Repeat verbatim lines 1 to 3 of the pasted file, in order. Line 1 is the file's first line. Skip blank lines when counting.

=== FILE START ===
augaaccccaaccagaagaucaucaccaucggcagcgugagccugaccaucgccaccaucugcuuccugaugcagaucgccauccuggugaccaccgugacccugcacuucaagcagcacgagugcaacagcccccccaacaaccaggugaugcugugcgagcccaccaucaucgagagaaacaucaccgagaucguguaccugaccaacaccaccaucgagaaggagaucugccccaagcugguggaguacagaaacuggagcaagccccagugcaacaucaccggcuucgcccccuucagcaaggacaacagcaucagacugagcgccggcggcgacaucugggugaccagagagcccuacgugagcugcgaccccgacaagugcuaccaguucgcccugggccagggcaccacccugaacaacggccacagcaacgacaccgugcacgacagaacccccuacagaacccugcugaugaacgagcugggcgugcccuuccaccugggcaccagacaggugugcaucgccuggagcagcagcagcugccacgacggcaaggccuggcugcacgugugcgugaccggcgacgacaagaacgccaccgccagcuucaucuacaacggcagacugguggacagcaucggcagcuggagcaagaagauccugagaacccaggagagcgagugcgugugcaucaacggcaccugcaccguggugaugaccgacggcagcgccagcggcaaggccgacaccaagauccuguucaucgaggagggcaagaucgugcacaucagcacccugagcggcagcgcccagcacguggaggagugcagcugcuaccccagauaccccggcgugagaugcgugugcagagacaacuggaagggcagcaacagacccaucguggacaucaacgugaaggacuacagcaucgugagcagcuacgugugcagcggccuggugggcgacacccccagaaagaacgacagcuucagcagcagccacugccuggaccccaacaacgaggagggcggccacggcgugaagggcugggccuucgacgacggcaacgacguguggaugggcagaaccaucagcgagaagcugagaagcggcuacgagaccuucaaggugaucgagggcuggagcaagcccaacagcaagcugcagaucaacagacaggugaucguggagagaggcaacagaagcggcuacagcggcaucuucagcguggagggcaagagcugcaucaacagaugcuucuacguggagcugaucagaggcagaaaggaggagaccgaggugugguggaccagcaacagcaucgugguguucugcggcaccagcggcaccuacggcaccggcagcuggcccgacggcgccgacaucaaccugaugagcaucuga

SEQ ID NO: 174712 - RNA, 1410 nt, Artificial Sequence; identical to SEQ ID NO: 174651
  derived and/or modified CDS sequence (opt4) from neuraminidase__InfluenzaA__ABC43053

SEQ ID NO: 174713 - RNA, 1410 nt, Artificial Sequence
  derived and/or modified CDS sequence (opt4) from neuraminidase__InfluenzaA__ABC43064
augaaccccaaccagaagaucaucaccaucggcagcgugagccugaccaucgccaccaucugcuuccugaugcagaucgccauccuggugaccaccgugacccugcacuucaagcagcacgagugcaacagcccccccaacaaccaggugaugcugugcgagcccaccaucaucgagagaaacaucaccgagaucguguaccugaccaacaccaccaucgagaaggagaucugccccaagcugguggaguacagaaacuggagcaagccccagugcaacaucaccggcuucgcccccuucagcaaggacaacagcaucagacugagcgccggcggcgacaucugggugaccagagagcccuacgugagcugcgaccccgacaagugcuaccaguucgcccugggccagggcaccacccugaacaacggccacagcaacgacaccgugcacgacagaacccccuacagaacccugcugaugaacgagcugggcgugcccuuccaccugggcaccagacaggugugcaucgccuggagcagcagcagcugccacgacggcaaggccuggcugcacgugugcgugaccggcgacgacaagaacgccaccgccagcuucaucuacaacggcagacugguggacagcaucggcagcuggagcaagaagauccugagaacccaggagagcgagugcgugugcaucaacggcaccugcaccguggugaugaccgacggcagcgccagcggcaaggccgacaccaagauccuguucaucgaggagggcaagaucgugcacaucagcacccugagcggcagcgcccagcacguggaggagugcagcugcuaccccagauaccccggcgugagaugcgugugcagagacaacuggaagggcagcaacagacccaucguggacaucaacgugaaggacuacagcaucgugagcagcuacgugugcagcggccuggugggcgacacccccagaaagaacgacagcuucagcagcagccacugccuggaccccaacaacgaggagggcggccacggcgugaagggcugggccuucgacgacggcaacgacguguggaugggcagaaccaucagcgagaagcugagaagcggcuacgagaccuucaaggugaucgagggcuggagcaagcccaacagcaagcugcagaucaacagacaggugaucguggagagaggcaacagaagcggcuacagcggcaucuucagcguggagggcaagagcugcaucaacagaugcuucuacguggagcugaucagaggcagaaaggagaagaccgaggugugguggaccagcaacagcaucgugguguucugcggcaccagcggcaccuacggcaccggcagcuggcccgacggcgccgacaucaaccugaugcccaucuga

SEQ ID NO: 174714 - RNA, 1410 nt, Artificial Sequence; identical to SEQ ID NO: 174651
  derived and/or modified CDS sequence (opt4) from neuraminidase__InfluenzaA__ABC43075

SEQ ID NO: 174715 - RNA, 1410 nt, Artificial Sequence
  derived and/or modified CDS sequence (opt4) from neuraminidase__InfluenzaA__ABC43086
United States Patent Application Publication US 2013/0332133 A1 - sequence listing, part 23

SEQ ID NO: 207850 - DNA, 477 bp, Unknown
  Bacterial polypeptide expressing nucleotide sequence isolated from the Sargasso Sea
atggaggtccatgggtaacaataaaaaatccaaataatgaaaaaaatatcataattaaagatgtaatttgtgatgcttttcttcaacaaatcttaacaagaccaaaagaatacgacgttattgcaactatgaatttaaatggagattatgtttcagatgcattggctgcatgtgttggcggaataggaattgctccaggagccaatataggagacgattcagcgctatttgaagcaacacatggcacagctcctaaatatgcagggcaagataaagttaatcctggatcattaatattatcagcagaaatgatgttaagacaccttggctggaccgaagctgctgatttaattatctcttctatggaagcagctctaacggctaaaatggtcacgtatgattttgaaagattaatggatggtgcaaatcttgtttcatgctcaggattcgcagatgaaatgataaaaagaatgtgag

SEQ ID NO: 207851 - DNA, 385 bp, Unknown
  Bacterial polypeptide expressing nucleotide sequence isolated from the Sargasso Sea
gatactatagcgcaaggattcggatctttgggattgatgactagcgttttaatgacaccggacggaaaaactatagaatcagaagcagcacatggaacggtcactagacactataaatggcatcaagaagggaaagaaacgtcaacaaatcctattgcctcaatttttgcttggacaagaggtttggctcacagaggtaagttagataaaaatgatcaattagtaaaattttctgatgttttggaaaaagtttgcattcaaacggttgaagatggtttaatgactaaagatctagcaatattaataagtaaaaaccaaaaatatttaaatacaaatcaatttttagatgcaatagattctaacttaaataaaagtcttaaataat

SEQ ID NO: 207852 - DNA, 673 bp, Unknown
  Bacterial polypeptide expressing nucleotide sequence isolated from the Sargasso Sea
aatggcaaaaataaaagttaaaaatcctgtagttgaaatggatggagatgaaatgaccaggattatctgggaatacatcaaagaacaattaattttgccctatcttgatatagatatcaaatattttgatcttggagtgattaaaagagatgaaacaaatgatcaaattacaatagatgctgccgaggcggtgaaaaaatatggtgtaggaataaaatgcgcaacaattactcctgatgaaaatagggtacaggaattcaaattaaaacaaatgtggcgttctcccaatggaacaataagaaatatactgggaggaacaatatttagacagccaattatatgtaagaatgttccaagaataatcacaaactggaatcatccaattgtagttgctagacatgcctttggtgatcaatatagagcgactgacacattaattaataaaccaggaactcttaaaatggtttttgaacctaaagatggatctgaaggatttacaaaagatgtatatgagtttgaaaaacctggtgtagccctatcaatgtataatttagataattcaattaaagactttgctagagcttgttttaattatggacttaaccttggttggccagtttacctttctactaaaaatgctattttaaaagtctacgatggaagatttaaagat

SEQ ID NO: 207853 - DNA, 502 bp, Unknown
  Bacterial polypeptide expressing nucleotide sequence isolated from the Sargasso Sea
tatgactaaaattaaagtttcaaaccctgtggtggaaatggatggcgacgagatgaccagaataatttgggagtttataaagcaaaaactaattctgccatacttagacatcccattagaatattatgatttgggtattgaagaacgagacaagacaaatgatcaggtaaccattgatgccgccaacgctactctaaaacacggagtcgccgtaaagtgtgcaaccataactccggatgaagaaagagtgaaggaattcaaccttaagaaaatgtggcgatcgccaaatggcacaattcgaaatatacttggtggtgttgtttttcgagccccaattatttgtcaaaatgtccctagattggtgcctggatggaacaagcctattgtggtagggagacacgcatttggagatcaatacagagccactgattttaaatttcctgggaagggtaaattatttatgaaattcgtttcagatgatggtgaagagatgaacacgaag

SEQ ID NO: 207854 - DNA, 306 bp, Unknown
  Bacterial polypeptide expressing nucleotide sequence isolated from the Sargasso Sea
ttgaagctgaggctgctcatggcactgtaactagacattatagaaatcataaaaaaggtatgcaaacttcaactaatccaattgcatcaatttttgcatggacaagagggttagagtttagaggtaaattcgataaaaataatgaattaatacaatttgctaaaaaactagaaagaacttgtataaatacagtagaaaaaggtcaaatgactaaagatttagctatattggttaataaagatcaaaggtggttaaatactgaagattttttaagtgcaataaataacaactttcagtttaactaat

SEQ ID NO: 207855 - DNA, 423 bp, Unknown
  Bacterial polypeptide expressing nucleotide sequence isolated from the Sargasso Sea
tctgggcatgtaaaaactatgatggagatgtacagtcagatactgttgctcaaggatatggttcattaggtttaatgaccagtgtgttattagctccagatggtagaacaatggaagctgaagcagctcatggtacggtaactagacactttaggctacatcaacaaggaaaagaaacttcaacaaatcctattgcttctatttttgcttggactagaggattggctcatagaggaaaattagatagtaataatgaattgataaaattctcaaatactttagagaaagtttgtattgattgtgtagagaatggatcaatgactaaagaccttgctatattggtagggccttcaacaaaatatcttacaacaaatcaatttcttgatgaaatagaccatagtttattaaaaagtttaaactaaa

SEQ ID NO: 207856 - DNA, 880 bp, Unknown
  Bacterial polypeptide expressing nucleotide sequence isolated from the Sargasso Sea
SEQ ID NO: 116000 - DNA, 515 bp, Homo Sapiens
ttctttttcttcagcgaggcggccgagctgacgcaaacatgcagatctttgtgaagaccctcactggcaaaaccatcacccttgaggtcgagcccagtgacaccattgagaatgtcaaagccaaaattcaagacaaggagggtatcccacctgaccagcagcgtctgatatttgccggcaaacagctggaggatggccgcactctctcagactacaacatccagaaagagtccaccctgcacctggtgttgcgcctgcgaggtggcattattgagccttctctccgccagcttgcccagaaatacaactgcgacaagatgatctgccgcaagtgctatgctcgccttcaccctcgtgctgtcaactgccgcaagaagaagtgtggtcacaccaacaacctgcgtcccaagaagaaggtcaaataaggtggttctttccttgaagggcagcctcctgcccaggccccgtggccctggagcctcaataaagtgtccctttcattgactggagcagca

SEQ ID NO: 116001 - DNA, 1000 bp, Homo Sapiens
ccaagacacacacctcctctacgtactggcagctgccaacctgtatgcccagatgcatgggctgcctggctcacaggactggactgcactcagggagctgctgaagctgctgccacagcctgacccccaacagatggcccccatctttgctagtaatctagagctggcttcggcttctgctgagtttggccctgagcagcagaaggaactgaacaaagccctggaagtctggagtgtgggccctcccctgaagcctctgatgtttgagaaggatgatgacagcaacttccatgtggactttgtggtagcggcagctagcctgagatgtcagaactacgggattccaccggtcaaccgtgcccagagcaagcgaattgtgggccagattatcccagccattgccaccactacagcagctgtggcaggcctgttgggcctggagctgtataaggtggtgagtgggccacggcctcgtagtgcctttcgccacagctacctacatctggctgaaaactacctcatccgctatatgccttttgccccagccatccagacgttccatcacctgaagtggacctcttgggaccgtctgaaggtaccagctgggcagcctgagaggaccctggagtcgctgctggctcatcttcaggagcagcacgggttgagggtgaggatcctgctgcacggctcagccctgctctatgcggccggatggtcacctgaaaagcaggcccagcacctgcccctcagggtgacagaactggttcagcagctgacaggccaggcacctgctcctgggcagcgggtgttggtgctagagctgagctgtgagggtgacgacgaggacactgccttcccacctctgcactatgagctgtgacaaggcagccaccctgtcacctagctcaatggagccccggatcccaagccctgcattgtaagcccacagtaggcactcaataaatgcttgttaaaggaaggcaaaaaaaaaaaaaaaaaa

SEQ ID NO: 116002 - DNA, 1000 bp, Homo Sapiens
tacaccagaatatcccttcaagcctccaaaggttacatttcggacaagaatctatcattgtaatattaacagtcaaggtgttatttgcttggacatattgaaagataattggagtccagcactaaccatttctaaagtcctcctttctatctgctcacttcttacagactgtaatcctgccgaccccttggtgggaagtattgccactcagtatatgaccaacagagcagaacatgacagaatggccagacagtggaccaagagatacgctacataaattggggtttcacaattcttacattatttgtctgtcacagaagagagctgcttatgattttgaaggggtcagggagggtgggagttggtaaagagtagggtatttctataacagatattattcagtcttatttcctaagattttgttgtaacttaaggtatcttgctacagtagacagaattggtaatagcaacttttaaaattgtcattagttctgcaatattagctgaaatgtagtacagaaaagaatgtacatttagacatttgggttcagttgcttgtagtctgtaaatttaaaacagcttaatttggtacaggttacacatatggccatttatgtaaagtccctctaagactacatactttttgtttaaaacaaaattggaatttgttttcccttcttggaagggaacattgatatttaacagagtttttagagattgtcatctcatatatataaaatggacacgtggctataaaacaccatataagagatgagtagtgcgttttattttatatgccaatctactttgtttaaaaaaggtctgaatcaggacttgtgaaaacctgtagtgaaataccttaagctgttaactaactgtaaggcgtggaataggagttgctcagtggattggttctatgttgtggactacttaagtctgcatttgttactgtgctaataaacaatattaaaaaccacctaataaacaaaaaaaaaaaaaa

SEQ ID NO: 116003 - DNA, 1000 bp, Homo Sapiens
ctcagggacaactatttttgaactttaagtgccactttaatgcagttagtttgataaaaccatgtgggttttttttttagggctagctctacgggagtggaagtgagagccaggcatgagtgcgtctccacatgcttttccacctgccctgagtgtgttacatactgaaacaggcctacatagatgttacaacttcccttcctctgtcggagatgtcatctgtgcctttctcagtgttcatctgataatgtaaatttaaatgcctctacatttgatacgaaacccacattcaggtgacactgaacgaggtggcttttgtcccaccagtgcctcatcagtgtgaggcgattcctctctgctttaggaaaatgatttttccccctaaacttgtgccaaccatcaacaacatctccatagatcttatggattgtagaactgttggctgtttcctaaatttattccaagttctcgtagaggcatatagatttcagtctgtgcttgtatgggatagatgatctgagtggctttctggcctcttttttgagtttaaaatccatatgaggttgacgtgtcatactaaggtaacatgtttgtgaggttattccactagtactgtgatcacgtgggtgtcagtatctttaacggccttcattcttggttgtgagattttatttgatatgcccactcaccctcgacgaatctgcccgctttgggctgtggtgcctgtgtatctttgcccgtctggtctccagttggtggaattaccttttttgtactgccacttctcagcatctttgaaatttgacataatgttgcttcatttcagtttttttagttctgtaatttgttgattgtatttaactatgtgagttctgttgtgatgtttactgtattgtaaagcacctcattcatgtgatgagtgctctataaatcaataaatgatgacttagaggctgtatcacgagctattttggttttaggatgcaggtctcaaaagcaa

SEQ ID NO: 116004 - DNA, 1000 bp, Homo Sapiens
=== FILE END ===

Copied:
augaaccccaaccagaagaucaucaccaucggcagcgugagccugaccaucgccaccaucugcuuccugaugcagaucgccauccuggugaccaccgugacccugcacuucaagcagcacgagugcaacagcccccccaacaaccaggugaugcugugcgagcccaccaucaucgagagaaacaucaccgagaucguguaccugaccaacaccaccaucgagaaggagaucugccccaagcugguggaguacagaaacuggagcaagccccagugcaacaucaccggcuucgcccccuucagcaaggacaacagcaucagacugagcgccggcggcgacaucugggugaccagagagcccuacgugagcugcgaccccgacaagugcuaccaguucgcccugggccagggcaccacccugaacaacggccacagcaacgacaccgugcacgacagaacccccuacagaacccugcugaugaacgagcugggcgugcccuuccaccugggcaccagacaggugugcaucgccuggagcagcagcagcugccacgacggcaaggccuggcugcacgugugcgugaccggcgacgacaagaacgccaccgccagcuucaucuacaacggcagacugguggacagcaucggcagcuggagcaagaagauccugagaacccaggagagcgagugcgugugcaucaacggcaccugcaccguggugaugaccgacggcagcgccagcggcaaggccgacaccaagauccuguucaucgaggagggcaagaucgugcacaucagcacccugagcggcagcgcccagcacguggaggagugcagcugcuaccccagauaccccggcgugagaugcgugugcagagacaacuggaagggcagcaacagacccaucguggacaucaacgugaaggacuacagcaucgugagcagcuacgugugcagcggccuggugggcgacacccccagaaagaacgacagcuucagcagcagccacugccuggaccccaacaacgaggagggcggccacggcgugaagggcugggccuucgacgacggcaacgacguguggaugggcagaaccaucagcgagaagcugagaagcggcuacgagaccuucaaggugaucgagggcuggagcaagcccaacagcaagcugcagaucaacagacaggugaucguggagagaggcaacagaagcggcuacagcggcaucuucagcguggagggcaagagcugcaucaacagaugcuucuacguggagcugaucagaggcagaaaggaggagaccgaggugugguggaccagcaacagcaucgugguguucugcggcaccagcggcaccuacggcaccggcagcuggcccgacggcgccgacaucaaccugaugagcaucuga

SEQ ID NO: 174712 - RNA, 1410 nt, Artificial Sequence; identical to SEQ ID NO: 174651
  derived and/or modified CDS sequence (opt4) from neuraminidase__InfluenzaA__ABC43053